Now that pensions can be destroyed in bankruptcy, city officials from both big business parties will look to use this weapon against the working class far more often. With the ruling, municipalities will be able to get rid of large swathes of their pension obligations and reduce the benefits of their current workers. The bankers and big investors who dominate the municipal bond market—and, who, in many cases, entangled cities in dubious if not outright illegal financial swindles—will now get a far greater return from their outlays. This is why Moody’s calls it “a positive sign for investors.”
What is underway is a social counter-revolution aimed at turning the clock back to the days when workers died in poverty after laboring all their lives. The same politicians who claim there is no money for pensions, however, find trillions to bail out Wall Street and fund the Pentagon military machine.
In an article for the Wall Street Journal in May, Richard Ravitch, co-chair with former Obama economic advisor Paul Volcker of the State Budget Crisis Task Force (SBCTF), warned that throughout the country there were ticking “pension bombs.” Ravitch, a long-time Democratic Party politician and financier who recently served as Lieutenant Governor of New York, is currently advising US judge Steven Rhodes in the Detroit bankruptcy case. The article, “More Detroits Are on the Way,” suggests that retired city workers are living beyond their means and conveys how Ravitch and his co-thinkers anticipate that cities will increasingly resort to bankruptcy to unload their pension “burdens.”
Judge Christopher Klein is expected to rule on October 30 whether Stockton can emerge from bankruptcy under its current plan of adjustment. Given the ruling on pensions, it is expected that Klein may demand that the city reduce pensions and award more money to Franklin Templeton Investors and other large banks and hedge funds who own the city’s debt.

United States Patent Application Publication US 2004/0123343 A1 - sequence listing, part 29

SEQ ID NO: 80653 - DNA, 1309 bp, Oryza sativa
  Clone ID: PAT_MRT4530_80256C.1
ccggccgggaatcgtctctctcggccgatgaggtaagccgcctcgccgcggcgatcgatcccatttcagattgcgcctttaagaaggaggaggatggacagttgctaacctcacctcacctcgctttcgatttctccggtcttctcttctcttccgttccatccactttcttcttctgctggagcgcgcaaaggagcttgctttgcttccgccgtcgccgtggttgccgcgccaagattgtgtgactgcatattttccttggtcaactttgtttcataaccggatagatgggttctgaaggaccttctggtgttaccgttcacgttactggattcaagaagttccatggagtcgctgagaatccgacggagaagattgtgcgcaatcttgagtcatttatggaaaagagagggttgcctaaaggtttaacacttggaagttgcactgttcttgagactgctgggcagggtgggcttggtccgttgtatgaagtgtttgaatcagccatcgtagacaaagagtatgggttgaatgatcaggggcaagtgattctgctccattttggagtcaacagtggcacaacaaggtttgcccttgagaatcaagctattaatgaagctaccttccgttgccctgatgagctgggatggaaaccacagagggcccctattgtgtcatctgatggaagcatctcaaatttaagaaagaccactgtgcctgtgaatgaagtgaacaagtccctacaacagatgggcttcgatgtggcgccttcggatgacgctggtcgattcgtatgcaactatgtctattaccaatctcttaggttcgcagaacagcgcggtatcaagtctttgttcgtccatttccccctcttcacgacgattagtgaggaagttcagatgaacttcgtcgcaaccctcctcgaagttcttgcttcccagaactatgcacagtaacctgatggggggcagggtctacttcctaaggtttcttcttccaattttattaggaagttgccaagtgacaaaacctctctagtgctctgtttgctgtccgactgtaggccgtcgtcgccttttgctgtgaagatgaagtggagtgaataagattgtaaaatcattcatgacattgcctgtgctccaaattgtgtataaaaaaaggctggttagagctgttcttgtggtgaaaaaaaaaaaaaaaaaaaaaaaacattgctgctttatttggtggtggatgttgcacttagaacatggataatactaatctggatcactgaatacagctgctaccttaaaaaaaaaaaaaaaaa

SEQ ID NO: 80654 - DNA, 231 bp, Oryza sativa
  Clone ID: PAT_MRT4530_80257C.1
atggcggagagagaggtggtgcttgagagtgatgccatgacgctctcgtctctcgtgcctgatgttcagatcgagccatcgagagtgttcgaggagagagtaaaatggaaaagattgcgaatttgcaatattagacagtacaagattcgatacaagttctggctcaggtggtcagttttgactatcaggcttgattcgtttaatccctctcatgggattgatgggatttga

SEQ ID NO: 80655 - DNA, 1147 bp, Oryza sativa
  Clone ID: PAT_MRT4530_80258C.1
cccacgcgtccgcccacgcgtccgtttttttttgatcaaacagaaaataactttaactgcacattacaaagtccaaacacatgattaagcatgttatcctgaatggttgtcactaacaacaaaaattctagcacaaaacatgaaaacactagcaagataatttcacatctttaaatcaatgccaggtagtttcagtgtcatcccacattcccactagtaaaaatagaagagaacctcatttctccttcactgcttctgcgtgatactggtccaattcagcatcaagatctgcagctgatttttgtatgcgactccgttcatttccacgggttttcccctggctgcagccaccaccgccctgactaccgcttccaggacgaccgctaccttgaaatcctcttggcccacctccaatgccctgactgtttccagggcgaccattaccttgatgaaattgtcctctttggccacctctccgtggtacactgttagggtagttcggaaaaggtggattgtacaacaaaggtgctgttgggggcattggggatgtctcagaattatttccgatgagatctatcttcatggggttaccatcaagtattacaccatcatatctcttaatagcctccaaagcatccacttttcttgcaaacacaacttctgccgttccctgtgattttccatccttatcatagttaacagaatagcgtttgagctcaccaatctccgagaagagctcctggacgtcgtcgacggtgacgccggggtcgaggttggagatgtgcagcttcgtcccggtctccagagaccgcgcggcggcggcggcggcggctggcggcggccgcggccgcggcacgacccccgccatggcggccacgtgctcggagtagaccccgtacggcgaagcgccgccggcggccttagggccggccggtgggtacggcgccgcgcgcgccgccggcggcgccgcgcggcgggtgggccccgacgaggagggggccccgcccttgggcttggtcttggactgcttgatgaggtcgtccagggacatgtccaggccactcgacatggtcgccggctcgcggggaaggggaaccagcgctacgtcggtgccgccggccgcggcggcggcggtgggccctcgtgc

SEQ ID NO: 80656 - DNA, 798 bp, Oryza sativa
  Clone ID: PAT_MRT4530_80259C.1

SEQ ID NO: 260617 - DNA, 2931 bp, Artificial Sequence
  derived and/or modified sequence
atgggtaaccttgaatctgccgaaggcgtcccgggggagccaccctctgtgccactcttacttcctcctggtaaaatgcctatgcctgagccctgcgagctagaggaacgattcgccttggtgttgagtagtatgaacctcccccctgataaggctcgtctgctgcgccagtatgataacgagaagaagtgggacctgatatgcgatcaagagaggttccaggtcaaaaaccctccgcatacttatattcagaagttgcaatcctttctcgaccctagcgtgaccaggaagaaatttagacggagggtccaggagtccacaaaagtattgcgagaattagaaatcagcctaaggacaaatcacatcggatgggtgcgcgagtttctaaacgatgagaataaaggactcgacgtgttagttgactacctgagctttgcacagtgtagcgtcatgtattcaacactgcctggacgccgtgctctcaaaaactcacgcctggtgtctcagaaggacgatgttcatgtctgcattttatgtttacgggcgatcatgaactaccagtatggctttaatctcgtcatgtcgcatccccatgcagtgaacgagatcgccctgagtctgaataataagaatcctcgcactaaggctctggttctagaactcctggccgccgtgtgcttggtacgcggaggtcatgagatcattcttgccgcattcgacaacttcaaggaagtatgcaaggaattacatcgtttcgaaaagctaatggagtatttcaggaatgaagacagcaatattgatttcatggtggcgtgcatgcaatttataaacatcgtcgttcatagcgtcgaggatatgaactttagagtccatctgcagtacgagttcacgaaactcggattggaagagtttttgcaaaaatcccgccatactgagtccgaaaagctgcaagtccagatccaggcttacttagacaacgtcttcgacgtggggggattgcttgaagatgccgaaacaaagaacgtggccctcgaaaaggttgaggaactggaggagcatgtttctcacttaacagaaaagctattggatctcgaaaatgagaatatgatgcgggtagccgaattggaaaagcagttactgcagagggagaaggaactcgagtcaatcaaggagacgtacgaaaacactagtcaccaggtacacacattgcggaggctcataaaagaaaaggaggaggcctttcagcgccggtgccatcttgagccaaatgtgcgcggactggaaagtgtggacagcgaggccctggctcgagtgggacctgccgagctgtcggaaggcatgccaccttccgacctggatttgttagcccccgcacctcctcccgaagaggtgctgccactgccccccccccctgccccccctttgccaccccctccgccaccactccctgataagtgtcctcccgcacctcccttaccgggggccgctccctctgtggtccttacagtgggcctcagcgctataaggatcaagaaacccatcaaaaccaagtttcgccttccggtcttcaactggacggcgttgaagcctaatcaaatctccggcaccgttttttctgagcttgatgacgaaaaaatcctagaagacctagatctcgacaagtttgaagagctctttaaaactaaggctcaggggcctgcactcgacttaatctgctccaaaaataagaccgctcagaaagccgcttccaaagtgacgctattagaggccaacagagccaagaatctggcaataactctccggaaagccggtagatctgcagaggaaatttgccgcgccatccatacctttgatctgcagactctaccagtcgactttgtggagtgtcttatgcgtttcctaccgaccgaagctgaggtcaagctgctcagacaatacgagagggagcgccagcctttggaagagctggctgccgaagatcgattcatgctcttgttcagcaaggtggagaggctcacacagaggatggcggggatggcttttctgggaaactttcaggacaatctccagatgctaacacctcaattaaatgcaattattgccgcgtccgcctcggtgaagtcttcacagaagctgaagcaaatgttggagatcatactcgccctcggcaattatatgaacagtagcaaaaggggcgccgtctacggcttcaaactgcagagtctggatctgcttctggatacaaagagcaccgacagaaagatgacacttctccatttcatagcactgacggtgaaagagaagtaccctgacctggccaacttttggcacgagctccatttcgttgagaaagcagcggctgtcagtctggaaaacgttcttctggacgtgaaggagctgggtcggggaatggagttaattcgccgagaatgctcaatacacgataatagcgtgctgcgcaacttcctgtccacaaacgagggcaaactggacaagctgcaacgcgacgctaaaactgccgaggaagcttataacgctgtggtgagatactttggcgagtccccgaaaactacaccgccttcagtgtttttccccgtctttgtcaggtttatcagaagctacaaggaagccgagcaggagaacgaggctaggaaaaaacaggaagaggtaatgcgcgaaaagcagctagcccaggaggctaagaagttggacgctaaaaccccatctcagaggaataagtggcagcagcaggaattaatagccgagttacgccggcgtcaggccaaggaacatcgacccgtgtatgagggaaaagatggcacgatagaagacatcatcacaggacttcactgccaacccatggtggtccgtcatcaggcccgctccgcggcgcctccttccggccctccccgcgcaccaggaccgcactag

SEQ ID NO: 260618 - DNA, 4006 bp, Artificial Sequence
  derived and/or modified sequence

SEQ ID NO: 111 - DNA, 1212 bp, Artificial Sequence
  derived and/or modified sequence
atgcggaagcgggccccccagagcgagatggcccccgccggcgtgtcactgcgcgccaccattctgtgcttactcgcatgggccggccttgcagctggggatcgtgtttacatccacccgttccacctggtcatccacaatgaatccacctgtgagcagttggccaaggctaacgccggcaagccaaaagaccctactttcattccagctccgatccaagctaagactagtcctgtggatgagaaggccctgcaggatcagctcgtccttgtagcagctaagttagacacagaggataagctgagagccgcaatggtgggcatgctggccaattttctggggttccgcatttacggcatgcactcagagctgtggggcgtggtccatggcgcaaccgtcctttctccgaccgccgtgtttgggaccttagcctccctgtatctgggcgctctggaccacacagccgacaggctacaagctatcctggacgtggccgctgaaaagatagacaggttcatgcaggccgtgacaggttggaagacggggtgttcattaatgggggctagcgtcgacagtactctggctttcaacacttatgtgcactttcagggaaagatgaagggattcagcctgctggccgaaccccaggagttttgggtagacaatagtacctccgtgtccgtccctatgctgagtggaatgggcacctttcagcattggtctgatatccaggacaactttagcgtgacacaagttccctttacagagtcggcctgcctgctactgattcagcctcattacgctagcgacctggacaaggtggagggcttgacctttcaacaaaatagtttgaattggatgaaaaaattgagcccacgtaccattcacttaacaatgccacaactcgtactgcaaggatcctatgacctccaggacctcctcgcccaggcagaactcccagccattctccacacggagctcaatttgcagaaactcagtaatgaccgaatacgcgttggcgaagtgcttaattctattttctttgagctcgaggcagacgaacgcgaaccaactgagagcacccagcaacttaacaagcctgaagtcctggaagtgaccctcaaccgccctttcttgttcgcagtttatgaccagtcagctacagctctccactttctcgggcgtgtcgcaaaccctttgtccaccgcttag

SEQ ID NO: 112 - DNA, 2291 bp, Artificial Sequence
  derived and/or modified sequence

Klein told the city that it had essentially free rein to do whatever it wanted with its workers’ pensions. In court he stated, “There are lots of permutations and combinations out there with respect to the art of the possible.” He concluded, “The whole world is out there.”
Stockton’s lawyer, Marc Levinson, has stated that the city seeks to continue its relationship with CalPERS. The ruling, however, will give the city leverage to cut the pensions and its payment to CalPERS by some soon-to-be-negotiated amount. However, Klein’s statement that “The whole world is out there” is an open invitation to other municipalities to entirely stop payments to CalPERS. Klein explained that once a city enacts bankruptcy, “Those conditions are the opening of the gate.”
Municipal and county budgets rely on tax income, often from property under their jurisdiction. A few days ago the 16th annual Geneva Report made clear that the world economy is on the brink of a new financial crisis or else faces long-term stagnation. If the economy implodes as it did in 2008, municipalities around the country would see their tax bases, especially in real estate taxes, dry up. Such a financial disaster would lead to a wave of new bankruptcies around the United States. With Detroit’s and now Stockton’s ruling, destroying workers’ pensions through bankruptcy is being prepared as the big business alternative for cities across the country.